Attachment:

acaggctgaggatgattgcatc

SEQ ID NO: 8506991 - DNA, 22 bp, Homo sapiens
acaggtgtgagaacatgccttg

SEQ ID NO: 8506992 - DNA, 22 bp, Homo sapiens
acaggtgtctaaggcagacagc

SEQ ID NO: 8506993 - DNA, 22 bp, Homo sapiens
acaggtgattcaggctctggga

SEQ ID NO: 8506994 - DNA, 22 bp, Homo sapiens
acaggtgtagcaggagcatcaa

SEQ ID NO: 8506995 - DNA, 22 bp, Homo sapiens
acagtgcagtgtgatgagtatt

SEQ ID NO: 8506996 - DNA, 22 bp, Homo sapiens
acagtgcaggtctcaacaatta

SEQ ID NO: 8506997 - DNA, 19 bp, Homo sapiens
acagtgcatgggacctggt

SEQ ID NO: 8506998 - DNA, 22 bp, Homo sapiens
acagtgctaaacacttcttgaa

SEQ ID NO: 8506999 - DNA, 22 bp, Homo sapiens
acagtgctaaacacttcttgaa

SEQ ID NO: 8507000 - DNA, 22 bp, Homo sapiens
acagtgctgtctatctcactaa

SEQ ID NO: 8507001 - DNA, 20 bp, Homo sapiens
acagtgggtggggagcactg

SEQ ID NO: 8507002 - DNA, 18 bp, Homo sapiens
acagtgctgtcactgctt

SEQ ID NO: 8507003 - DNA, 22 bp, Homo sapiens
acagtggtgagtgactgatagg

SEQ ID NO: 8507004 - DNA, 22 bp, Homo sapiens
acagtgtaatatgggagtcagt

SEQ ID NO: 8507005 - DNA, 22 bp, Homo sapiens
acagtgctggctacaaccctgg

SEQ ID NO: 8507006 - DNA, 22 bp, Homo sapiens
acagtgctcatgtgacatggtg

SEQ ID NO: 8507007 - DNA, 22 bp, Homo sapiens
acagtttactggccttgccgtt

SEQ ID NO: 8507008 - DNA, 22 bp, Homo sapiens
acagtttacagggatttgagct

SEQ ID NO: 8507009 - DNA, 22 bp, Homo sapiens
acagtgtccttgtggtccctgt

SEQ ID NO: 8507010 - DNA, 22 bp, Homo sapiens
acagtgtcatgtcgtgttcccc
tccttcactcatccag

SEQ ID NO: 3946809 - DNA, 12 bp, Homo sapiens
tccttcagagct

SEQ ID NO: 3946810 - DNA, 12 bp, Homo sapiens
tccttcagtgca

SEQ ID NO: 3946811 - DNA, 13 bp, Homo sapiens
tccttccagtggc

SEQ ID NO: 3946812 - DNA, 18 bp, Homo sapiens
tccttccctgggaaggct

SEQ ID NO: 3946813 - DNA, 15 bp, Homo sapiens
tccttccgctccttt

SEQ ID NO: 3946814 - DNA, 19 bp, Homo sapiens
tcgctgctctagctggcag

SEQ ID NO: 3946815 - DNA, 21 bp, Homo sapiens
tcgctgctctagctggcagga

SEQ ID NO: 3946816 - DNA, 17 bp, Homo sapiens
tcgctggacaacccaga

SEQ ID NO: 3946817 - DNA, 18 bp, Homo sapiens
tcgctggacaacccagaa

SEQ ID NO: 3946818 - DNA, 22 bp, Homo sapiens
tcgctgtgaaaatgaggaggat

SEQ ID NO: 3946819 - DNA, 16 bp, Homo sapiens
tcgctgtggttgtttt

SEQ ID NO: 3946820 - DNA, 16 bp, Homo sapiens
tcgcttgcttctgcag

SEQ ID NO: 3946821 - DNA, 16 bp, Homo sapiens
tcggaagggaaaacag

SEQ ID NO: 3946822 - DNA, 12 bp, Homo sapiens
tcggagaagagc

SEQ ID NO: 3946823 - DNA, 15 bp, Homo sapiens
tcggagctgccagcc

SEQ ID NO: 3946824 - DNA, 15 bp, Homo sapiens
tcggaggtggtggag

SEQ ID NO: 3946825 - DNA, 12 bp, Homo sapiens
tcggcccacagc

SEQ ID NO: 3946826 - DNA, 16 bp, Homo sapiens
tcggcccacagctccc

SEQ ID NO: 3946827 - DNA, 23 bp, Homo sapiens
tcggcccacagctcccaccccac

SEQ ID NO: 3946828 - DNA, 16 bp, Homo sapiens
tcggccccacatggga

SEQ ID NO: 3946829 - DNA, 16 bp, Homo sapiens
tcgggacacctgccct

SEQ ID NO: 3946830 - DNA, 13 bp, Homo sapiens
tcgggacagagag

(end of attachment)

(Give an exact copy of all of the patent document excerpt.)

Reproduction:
acaggctgaggatgattgcatc

SEQ ID NO: 8506991 - DNA, 22 bp, Homo sapiens
acaggtgtgagaacatgccttg

SEQ ID NO: 8506992 - DNA, 22 bp, Homo sapiens
acaggtgtctaaggcagacagc

SEQ ID NO: 8506993 - DNA, 22 bp, Homo sapiens
acaggtgattcaggctctggga

SEQ ID NO: 8506994 - DNA, 22 bp, Homo sapiens
acaggtgtagcaggagcatcaa

SEQ ID NO: 8506995 - DNA, 22 bp, Homo sapiens
acagtgcagtgtgatgagtatt

SEQ ID NO: 8506996 - DNA, 22 bp, Homo sapiens
acagtgcaggtctcaacaatta

SEQ ID NO: 8506997 - DNA, 19 bp, Homo sapiens
acagtgcatgggacctggt

SEQ ID NO: 8506998 - DNA, 22 bp, Homo sapiens
acagtgctaaacacttcttgaa

SEQ ID NO: 8506999 - DNA, 22 bp, Homo sapiens
acagtgctaaacacttcttgaa

SEQ ID NO: 8507000 - DNA, 22 bp, Homo sapiens
acagtgctgtctatctcactaa

SEQ ID NO: 8507001 - DNA, 20 bp, Homo sapiens
acagtgggtggggagcactg

SEQ ID NO: 8507002 - DNA, 18 bp, Homo sapiens
acagtgctgtcactgctt

SEQ ID NO: 8507003 - DNA, 22 bp, Homo sapiens
acagtggtgagtgactgatagg

SEQ ID NO: 8507004 - DNA, 22 bp, Homo sapiens
acagtgtaatatgggagtcagt

SEQ ID NO: 8507005 - DNA, 22 bp, Homo sapiens
acagtgctggctacaaccctgg

SEQ ID NO: 8507006 - DNA, 22 bp, Homo sapiens
acagtgctcatgtgacatggtg

SEQ ID NO: 8507007 - DNA, 22 bp, Homo sapiens
acagtttactggccttgccgtt

SEQ ID NO: 8507008 - DNA, 22 bp, Homo sapiens
acagtttacagggatttgagct

SEQ ID NO: 8507009 - DNA, 22 bp, Homo sapiens
acagtgtccttgtggtccctgt

SEQ ID NO: 8507010 - DNA, 22 bp, Homo sapiens
acagtgtcatgtcgtgttcccc
tccttcactcatccag

SEQ ID NO: 3946809 - DNA, 12 bp, Homo sapiens
tccttcagagct

SEQ ID NO: 3946810 - DNA, 12 bp, Homo sapiens
tccttcagtgca

SEQ ID NO: 3946811 - DNA, 13 bp, Homo sapiens
tccttccagtggc

SEQ ID NO: 3946812 - DNA, 18 bp, Homo sapiens
tccttccctgggaaggct

SEQ ID NO: 3946813 - DNA, 15 bp, Homo sapiens
tccttccgctccttt

SEQ ID NO: 3946814 - DNA, 19 bp, Homo sapiens
tcgctgctctagctggcag

SEQ ID NO: 3946815 - DNA, 21 bp, Homo sapiens
tcgctgctctagctggcagga

SEQ ID NO: 3946816 - DNA, 17 bp, Homo sapiens
tcgctggacaacccaga

SEQ ID NO: 3946817 - DNA, 18 bp, Homo sapiens
tcgctggacaacccagaa

SEQ ID NO: 3946818 - DNA, 22 bp, Homo sapiens
tcgctgtgaaaatgaggaggat

SEQ ID NO: 3946819 - DNA, 16 bp, Homo sapiens
tcgctgtggttgtttt

SEQ ID NO: 3946820 - DNA, 16 bp, Homo sapiens
tcgcttgcttctgcag

SEQ ID NO: 3946821 - DNA, 16 bp, Homo sapiens
tcggaagggaaaacag

SEQ ID NO: 3946822 - DNA, 12 bp, Homo sapiens
tcggagaagagc

SEQ ID NO: 3946823 - DNA, 15 bp, Homo sapiens
tcggagctgccagcc

SEQ ID NO: 3946824 - DNA, 15 bp, Homo sapiens
tcggaggtggtggag

SEQ ID NO: 3946825 - DNA, 12 bp, Homo sapiens
tcggcccacagc

SEQ ID NO: 3946826 - DNA, 16 bp, Homo sapiens
tcggcccacagctccc

SEQ ID NO: 3946827 - DNA, 23 bp, Homo sapiens
tcggcccacagctcccaccccac

SEQ ID NO: 3946828 - DNA, 16 bp, Homo sapiens
tcggccccacatggga

SEQ ID NO: 3946829 - DNA, 16 bp, Homo sapiens
tcgggacacctgccct

SEQ ID NO: 3946830 - DNA, 13 bp, Homo sapiens
tcgggacagagag